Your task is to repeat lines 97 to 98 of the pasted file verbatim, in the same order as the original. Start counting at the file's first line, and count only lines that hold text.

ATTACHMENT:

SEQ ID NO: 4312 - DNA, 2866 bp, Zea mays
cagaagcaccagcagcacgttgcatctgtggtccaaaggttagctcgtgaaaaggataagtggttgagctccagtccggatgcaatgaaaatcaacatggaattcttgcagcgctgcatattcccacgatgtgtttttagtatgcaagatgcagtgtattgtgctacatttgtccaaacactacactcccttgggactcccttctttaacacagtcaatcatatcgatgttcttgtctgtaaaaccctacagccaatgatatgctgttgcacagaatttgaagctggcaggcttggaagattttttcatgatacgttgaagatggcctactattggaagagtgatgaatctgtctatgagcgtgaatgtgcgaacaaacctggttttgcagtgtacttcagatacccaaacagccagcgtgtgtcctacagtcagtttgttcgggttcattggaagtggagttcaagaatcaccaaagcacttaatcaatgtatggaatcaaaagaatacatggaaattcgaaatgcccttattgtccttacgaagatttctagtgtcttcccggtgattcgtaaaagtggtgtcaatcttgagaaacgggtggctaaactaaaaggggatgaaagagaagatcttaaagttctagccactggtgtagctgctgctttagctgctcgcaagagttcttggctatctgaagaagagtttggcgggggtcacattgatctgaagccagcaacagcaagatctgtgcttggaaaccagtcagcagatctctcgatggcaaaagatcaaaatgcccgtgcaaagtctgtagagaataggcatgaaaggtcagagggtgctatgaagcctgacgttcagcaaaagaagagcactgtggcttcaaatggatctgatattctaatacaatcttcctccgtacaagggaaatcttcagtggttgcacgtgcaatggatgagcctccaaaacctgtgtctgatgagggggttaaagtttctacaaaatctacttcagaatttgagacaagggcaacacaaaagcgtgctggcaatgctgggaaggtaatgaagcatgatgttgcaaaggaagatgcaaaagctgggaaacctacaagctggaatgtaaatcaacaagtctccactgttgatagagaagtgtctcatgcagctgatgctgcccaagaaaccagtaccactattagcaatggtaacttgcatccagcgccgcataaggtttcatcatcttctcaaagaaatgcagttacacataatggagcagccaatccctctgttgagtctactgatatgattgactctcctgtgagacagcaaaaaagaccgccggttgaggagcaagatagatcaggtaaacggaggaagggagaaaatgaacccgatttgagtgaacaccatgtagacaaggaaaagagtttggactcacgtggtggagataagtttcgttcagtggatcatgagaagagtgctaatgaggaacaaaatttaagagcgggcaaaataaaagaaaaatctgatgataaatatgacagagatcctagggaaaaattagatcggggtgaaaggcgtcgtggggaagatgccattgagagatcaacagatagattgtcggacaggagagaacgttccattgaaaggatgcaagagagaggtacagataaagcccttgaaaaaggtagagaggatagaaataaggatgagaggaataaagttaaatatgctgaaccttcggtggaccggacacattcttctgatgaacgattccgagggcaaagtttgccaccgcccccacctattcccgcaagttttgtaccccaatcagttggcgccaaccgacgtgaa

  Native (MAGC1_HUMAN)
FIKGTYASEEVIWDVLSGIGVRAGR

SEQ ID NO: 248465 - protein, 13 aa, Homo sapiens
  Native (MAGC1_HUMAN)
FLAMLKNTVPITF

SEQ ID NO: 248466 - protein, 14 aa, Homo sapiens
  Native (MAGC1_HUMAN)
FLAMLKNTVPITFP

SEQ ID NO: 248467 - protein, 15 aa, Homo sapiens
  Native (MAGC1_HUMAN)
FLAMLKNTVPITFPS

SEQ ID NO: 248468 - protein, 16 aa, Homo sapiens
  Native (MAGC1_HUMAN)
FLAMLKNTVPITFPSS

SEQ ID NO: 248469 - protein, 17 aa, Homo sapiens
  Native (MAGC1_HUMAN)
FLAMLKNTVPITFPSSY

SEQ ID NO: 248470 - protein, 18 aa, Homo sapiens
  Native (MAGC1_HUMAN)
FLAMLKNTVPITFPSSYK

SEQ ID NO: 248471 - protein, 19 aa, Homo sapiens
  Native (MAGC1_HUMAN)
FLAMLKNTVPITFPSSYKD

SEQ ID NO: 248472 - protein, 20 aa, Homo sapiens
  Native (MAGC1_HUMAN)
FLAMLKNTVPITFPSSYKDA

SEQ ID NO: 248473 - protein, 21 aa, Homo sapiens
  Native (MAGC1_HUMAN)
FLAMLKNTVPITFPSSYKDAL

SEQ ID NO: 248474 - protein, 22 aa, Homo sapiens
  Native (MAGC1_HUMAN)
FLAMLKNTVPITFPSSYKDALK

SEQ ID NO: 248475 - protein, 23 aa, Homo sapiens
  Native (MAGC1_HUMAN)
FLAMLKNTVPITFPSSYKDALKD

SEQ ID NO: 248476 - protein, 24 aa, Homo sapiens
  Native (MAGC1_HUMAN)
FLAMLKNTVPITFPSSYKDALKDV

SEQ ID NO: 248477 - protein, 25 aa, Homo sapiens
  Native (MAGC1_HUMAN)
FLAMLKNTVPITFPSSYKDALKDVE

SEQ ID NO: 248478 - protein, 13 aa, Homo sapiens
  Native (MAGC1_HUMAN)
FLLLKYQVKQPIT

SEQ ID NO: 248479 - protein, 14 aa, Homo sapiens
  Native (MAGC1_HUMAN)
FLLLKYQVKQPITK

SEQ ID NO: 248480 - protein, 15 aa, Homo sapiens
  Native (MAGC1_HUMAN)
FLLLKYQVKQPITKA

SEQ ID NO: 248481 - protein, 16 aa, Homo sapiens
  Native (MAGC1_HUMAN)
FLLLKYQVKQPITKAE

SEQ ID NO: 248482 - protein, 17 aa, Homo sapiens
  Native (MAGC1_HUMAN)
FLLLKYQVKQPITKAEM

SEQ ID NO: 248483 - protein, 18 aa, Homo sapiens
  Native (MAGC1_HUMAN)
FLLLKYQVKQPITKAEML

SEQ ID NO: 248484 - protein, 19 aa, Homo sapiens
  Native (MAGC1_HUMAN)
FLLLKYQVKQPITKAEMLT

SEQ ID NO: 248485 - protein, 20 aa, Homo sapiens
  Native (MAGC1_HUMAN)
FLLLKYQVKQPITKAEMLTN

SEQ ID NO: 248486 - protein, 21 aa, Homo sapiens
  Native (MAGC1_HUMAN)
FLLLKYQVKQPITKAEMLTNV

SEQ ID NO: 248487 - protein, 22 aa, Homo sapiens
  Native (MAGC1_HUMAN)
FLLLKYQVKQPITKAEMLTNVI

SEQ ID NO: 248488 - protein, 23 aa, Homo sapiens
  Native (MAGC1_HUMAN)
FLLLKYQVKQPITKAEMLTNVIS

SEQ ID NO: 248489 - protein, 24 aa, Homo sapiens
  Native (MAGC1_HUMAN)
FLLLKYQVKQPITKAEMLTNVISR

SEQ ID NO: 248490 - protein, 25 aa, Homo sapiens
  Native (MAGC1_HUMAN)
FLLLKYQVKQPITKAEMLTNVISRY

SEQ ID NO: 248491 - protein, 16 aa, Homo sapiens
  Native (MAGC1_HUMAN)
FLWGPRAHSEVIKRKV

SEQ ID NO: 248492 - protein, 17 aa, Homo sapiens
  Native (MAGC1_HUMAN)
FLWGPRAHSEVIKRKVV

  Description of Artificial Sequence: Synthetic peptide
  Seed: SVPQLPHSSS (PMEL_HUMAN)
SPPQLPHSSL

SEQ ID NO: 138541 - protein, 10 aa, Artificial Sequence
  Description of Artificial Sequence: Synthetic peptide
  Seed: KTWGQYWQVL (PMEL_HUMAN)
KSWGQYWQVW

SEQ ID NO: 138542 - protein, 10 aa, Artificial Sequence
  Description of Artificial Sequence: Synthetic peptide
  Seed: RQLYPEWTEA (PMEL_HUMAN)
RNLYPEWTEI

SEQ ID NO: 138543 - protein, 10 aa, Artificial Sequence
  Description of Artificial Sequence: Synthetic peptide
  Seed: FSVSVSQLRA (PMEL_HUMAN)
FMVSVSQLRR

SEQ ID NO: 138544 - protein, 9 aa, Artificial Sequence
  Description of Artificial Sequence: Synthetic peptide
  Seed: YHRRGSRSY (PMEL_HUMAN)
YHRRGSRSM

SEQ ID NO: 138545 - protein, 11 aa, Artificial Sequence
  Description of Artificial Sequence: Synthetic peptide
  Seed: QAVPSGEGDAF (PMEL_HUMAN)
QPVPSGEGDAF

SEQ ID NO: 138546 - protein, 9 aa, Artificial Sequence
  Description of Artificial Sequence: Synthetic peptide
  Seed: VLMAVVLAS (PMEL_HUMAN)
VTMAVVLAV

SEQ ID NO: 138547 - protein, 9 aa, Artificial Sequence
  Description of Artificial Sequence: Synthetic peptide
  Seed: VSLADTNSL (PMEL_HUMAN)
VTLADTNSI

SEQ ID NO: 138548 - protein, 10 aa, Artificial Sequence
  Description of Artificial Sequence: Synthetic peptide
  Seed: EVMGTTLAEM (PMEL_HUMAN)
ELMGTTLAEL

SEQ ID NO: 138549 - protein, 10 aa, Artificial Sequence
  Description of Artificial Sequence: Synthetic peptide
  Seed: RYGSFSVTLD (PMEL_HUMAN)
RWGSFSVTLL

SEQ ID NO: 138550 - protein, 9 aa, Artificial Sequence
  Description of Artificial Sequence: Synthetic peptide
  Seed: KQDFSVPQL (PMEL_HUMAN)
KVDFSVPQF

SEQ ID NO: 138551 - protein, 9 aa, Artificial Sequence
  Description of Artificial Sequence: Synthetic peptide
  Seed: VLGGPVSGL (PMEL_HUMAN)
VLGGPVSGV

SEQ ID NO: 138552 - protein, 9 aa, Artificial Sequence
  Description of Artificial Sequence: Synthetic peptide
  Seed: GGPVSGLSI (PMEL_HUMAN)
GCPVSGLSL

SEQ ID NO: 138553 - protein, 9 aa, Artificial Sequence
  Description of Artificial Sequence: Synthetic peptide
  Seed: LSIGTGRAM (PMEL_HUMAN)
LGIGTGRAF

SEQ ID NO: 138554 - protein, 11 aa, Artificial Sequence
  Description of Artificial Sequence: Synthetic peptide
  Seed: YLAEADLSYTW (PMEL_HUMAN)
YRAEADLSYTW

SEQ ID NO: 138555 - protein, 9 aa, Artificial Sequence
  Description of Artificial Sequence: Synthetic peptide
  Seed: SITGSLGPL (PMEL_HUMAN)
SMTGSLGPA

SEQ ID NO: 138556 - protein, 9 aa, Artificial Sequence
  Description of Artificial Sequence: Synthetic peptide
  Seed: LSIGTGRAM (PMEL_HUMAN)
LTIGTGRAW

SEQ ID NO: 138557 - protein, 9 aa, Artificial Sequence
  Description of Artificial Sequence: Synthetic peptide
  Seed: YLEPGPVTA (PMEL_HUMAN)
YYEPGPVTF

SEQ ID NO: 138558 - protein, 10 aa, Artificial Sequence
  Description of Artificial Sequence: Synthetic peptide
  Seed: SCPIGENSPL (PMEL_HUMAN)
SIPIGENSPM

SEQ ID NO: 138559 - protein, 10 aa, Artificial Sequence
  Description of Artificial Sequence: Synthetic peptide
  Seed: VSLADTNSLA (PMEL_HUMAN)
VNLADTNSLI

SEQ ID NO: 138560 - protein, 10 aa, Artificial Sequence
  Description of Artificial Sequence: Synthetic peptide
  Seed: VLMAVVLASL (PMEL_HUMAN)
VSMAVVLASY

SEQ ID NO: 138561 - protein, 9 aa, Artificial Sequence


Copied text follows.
  Description of Artificial Sequence: Synthetic peptide
  Seed: RQLYPEWTEA (PMEL_HUMAN)